The Troiani illustration posted previously shows a man of the 71st as he would have been when he arrived in America, in plaid and fully accoutred with firelock bayonet and broadsword. By the time the 71st were sent southward in 1778, after two years service they had become more streamlined.

There are no contemporary pictures of men of the 71st to illustrate the length of their jackets as worn in the field in the middle and later years of the AWI up to 1781. The della Gatta paintings of Paoli Tavern and Germantown illustrate the adapted clothing worn by the light coys of line infantry attached to the 2nd Light Infantry battalion in the form of jackets made from cut-down red waistcoats with sleeves attached. The light infantry of the 71st, attached to 2nd LI Bn may well have followed suit while still wearing their Highland bonnets instead of 'slouched' black felt hats worn by the rest. The Light Infantry also wore white, summer weight, linen 'pantaloons.'

It is known that Highland troops in America, particularly the Light Infantry and Grenadiers attached to the Flank battalions, did exchange their plaids and small kilts for either breeches and gaiters or trousers (of blue or brown wool 'cloth') in the winter, or linen trousers ('pantaloons') in the summer). Where Troani found the evidence of th 71st wearing tartan trews I can't recall but worn-out kilts were certainly made into trews in the Peninsula (I recall reading that the full length plaids of the 71st were put in store and given to another 'provincial' Highland regiment raised in America).

Troiani- 71st. 42nd RHR
main.jpg Gren 42nd 1779-80 Troiani.jpg

Lt. James Stewart, Light coy, 42nd RHR circa 1777-80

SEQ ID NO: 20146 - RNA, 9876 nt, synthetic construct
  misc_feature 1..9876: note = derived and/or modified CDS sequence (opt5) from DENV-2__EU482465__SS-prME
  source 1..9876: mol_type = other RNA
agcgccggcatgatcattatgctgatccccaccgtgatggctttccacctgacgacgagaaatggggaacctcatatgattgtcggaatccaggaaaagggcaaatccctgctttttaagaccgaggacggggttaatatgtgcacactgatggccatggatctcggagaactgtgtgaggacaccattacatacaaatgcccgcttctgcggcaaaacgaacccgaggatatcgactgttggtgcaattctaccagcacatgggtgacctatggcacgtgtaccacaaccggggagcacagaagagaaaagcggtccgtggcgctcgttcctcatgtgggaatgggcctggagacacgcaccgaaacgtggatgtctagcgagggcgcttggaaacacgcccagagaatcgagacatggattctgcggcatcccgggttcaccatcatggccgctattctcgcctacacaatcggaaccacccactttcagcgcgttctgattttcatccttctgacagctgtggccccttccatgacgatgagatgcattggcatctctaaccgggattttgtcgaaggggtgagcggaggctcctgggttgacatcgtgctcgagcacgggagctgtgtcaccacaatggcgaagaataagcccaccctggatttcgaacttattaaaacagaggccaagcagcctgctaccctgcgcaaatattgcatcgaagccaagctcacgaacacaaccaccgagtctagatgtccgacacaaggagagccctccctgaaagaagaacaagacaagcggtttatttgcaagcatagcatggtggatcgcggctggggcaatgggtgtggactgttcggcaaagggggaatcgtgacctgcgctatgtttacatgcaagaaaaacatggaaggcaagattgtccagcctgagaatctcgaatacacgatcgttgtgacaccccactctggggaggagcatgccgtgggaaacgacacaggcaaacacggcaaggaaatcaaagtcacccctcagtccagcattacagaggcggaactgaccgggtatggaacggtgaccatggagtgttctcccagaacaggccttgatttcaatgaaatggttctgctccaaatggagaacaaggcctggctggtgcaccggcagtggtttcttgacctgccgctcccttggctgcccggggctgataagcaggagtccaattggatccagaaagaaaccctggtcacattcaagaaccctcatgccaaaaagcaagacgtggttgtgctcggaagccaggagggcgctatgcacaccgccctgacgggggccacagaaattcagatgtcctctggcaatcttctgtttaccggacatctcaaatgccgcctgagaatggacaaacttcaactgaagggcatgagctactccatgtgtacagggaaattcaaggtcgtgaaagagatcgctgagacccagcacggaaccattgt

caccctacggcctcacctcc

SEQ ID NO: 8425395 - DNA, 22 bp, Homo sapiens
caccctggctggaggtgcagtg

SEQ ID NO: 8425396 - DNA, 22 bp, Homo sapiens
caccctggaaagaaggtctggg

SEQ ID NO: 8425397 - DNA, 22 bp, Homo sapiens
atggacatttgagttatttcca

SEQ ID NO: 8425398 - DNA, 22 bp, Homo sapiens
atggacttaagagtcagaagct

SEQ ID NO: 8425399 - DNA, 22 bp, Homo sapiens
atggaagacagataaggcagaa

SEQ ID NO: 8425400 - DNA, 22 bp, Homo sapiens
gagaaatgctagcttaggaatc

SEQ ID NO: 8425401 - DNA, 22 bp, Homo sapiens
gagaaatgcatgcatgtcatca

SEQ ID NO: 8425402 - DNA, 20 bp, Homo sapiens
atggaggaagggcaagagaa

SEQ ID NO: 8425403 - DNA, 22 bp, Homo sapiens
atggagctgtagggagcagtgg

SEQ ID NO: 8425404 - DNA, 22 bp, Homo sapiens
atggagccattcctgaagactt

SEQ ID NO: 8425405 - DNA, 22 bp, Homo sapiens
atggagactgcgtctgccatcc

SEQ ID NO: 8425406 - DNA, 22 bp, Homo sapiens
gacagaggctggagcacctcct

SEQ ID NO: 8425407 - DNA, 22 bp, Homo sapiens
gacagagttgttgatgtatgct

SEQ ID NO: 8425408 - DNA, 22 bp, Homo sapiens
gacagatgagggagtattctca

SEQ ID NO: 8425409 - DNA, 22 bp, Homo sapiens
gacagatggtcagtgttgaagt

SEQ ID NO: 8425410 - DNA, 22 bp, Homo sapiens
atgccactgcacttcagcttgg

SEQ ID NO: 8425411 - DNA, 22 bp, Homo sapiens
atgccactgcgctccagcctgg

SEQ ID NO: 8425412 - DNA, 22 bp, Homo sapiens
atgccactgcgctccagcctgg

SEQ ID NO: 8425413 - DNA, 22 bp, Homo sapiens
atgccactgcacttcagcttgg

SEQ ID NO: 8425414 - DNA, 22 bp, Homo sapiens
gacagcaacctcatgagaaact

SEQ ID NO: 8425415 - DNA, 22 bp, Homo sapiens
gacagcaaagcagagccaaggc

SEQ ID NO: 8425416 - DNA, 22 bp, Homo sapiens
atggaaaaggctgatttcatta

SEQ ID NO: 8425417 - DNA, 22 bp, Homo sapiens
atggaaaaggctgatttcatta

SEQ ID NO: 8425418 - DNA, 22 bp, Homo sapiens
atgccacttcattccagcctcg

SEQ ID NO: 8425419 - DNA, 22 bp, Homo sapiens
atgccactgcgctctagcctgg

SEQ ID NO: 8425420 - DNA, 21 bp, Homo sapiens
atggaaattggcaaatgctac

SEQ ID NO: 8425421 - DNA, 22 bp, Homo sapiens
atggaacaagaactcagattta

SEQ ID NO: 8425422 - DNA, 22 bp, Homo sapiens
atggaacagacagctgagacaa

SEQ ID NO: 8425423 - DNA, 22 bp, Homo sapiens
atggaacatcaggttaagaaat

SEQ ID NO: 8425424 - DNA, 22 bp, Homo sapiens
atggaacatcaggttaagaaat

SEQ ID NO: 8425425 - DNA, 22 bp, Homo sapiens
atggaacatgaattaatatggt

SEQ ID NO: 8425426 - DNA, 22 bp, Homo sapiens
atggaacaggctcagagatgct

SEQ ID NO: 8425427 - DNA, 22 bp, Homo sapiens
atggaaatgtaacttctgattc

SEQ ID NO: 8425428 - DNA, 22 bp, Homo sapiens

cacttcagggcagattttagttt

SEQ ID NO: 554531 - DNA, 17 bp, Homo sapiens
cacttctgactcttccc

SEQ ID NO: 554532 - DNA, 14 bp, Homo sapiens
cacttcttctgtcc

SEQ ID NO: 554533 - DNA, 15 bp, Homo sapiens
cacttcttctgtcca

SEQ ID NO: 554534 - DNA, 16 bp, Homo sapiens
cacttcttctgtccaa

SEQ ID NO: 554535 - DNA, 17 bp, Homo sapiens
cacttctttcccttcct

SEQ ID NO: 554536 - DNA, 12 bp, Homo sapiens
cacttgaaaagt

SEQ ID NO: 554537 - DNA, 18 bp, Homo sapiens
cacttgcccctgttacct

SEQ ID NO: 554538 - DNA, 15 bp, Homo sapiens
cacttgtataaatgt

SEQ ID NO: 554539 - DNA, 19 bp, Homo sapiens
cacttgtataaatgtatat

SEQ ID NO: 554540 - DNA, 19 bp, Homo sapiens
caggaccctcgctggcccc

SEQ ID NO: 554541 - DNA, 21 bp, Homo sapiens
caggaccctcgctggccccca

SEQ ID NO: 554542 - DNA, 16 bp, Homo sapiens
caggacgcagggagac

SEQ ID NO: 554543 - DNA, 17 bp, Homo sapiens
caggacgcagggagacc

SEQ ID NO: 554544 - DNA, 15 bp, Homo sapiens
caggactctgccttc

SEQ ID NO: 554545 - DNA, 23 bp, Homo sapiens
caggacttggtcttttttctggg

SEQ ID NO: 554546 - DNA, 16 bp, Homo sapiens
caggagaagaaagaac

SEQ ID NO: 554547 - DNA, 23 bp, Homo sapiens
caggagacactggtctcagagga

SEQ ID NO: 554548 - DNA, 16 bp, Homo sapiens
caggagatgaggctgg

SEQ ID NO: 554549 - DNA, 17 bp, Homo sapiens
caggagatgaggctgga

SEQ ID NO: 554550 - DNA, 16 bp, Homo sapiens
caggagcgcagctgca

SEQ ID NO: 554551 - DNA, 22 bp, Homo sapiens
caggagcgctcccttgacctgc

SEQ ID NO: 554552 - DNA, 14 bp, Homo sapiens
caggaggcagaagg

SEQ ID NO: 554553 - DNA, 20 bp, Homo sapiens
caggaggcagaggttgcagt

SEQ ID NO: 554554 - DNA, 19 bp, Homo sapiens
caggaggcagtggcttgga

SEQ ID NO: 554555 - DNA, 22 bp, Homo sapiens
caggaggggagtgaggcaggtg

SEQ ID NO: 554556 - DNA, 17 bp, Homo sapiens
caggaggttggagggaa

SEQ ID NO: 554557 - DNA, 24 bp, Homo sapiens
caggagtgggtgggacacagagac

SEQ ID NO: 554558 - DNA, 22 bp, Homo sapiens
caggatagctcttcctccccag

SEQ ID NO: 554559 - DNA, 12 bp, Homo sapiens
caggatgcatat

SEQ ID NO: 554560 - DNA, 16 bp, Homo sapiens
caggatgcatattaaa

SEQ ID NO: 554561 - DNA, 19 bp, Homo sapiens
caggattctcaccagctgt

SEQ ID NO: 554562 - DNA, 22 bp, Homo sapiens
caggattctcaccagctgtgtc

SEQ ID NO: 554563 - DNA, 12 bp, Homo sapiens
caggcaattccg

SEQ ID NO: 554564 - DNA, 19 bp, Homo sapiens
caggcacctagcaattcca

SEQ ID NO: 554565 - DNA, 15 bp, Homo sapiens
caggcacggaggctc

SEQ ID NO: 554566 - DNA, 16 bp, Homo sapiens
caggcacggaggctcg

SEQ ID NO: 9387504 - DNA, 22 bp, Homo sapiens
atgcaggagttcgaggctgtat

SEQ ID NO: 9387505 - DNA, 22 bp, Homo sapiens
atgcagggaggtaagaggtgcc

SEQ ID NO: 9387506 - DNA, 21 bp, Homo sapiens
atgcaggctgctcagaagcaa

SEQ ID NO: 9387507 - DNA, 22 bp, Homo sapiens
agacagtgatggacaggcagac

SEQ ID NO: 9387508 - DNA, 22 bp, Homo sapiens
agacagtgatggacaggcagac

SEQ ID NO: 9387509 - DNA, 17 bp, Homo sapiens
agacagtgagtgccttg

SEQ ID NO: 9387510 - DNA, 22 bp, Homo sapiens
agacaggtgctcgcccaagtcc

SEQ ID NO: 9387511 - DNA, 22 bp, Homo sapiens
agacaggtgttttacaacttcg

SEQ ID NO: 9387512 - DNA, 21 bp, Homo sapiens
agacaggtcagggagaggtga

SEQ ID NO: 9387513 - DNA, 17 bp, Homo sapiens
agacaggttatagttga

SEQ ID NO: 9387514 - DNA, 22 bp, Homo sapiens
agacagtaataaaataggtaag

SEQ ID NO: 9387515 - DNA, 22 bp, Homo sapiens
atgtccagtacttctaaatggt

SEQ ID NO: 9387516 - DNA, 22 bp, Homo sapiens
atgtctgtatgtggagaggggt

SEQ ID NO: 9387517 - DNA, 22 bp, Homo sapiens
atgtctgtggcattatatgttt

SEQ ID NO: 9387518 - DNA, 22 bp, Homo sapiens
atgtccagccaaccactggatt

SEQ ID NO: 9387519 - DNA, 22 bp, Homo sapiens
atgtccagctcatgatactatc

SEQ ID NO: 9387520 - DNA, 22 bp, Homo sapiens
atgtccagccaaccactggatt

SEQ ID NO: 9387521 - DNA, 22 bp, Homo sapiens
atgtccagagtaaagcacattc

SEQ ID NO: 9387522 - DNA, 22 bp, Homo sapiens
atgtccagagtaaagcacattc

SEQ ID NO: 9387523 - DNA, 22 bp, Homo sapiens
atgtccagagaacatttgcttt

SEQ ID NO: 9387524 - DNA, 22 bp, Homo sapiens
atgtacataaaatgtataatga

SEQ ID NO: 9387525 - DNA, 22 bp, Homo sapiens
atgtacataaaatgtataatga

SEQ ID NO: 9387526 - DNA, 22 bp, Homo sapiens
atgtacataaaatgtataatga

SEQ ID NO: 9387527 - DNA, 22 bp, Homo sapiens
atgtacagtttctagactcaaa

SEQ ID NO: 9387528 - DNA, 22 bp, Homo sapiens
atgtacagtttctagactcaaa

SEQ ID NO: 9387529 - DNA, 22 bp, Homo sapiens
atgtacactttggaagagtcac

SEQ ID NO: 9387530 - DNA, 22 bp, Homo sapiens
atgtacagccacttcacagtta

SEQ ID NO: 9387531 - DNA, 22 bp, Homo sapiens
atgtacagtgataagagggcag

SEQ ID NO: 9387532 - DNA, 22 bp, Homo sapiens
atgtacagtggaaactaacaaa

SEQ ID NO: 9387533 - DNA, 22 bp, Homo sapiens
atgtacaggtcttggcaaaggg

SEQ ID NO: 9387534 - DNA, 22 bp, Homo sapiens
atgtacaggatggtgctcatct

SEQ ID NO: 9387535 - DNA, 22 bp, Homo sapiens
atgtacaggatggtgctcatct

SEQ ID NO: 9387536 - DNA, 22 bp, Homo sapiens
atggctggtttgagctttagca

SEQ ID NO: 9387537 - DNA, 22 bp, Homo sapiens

Lt James Stuart 42nd Light Coy.jpg
As for the badge in question being worn as a bonnet badge, it is not likely. Cap badges did not evolve in the British army until the 19th century. The equivalent in the C18th was the black cockade of Hanover, or 'rosette'. Any badge is more likely to have been a coat button with the regimental number worn to secure the spray of ostrich feathers behind the rosette (This was certainly the practice later). How long that arrangement would have survived the vicissitudes of campaigning is another matter.

Regarding the ?Savannah museum reconstruction of a bonnet of the 71st, it is a noble effort but it is innaccurate in many details. The diced band of the Highland bonnet is now known to have been integral to the knitted body of the bonnet. The rosette is more likely have been circular. The red cut-feather 'hackle' was not seen on Highland bonnets till considerably later. Until the late C18th distinguishing feathers were coloured ostrich feathers worn across the front of the main body of black ostrich feathers.